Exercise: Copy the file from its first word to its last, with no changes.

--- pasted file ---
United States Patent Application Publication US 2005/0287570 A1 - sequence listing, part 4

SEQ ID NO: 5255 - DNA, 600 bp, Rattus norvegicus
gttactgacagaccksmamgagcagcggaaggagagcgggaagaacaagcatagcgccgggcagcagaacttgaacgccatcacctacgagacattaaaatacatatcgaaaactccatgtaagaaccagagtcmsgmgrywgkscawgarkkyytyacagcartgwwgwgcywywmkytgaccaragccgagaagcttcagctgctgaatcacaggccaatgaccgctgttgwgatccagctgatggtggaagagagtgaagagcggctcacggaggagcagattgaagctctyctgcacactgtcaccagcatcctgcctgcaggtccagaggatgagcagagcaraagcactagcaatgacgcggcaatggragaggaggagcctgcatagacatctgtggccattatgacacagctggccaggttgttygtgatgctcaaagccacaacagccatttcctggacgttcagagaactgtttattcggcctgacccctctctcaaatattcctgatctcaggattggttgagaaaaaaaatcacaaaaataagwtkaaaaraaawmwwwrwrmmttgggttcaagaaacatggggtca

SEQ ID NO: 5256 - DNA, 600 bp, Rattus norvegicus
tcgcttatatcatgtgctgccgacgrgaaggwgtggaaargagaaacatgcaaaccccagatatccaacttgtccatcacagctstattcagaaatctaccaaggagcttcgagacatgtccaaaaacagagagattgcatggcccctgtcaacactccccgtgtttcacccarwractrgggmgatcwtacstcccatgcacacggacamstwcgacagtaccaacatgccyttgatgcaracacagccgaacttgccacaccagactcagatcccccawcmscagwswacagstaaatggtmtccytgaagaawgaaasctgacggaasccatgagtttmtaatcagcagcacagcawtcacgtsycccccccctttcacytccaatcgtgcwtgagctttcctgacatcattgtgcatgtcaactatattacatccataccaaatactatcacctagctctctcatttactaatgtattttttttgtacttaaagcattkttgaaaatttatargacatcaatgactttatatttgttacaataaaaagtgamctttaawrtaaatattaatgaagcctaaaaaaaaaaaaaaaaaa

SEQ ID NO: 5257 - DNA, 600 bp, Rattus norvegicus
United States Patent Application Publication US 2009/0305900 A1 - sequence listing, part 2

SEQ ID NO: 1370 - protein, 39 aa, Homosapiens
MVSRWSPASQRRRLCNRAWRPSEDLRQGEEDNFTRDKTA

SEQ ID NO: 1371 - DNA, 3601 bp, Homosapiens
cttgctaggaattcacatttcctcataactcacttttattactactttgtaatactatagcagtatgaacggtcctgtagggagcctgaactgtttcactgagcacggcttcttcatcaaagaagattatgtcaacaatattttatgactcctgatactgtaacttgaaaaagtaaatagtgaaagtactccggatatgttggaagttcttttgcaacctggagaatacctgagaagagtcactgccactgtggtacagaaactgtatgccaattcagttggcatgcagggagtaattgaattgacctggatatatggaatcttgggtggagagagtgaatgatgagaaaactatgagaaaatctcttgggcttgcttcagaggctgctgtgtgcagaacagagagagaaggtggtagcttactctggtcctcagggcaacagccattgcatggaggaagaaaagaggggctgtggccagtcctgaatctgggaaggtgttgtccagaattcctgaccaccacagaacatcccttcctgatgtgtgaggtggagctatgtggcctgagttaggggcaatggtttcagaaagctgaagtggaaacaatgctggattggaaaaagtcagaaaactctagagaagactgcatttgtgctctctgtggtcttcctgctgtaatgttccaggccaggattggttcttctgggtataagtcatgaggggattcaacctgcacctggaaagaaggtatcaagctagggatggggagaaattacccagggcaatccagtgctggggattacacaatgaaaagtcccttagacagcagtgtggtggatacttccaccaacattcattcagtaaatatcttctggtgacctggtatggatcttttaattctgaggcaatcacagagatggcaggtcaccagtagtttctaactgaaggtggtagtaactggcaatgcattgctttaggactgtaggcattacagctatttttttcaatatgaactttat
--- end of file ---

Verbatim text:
United States Patent Application Publication US 2005/0287570 A1 - sequence listing, part 4

SEQ ID NO: 5255 - DNA, 600 bp, Rattus norvegicus
gttactgacagaccksmamgagcagcggaaggagagcgggaagaacaagcatagcgccgggcagcagaacttgaacgccatcacctacgagacattaaaatacatatcgaaaactccatgtaagaaccagagtcmsgmgrywgkscawgarkkyytyacagcartgwwgwgcywywmkytgaccaragccgagaagcttcagctgctgaatcacaggccaatgaccgctgttgwgatccagctgatggtggaagagagtgaagagcggctcacggaggagcagattgaagctctyctgcacactgtcaccagcatcctgcctgcaggtccagaggatgagcagagcaraagcactagcaatgacgcggcaatggragaggaggagcctgcatagacatctgtggccattatgacacagctggccaggttgttygtgatgctcaaagccacaacagccatttcctggacgttcagagaactgtttattcggcctgacccctctctcaaatattcctgatctcaggattggttgagaaaaaaaatcacaaaaataagwtkaaaaraaawmwwwrwrmmttgggttcaagaaacatggggtca

SEQ ID NO: 5256 - DNA, 600 bp, Rattus norvegicus
tcgcttatatcatgtgctgccgacgrgaaggwgtggaaargagaaacatgcaaaccccagatatccaacttgtccatcacagctstattcagaaatctaccaaggagcttcgagacatgtccaaaaacagagagattgcatggcccctgtcaacactccccgtgtttcacccarwractrgggmgatcwtacstcccatgcacacggacamstwcgacagtaccaacatgccyttgatgcaracacagccgaacttgccacaccagactcagatcccccawcmscagwswacagstaaatggtmtccytgaagaawgaaasctgacggaasccatgagtttmtaatcagcagcacagcawtcacgtsycccccccctttcacytccaatcgtgcwtgagctttcctgacatcattgtgcatgtcaactatattacatccataccaaatactatcacctagctctctcatttactaatgtattttttttgtacttaaagcattkttgaaaatttatargacatcaatgactttatatttgttacaataaaaagtgamctttaawrtaaatattaatgaagcctaaaaaaaaaaaaaaaaaa

SEQ ID NO: 5257 - DNA, 600 bp, Rattus norvegicus
United States Patent Application Publication US 2009/0305900 A1 - sequence listing, part 2

SEQ ID NO: 1370 - protein, 39 aa, Homosapiens
MVSRWSPASQRRRLCNRAWRPSEDLRQGEEDNFTRDKTA

SEQ ID NO: 1371 - DNA, 3601 bp, Homosapiens
cttgctaggaattcacatttcctcataactcacttttattactactttgtaatactatagcagtatgaacggtcctgtagggagcctgaactgtttcactgagcacggcttcttcatcaaagaagattatgtcaacaatattttatgactcctgatactgtaacttgaaaaagtaaatagtgaaagtactccggatatgttggaagttcttttgcaacctggagaatacctgagaagagtcactgccactgtggtacagaaactgtatgccaattcagttggcatgcagggagtaattgaattgacctggatatatggaatcttgggtggagagagtgaatgatgagaaaactatgagaaaatctcttgggcttgcttcagaggctgctgtgtgcagaacagagagagaaggtggtagcttactctggtcctcagggcaacagccattgcatggaggaagaaaagaggggctgtggccagtcctgaatctgggaaggtgttgtccagaattcctgaccaccacagaacatcccttcctgatgtgtgaggtggagctatgtggcctgagttaggggcaatggtttcagaaagctgaagtggaaacaatgctggattggaaaaagtcagaaaactctagagaagactgcatttgtgctctctgtggtcttcctgctgtaatgttccaggccaggattggttcttctgggtataagtcatgaggggattcaacctgcacctggaaagaaggtatcaagctagggatggggagaaattacccagggcaatccagtgctggggattacacaatgaaaagtcccttagacagcagtgtggtggatacttccaccaacattcattcagtaaatatcttctggtgacctggtatggatcttttaattctgaggcaatcacagagatggcaggtcaccagtagtttctaactgaaggtggtagtaactggcaatgcattgctttaggactgtaggcattacagctatttttttcaatatgaactttat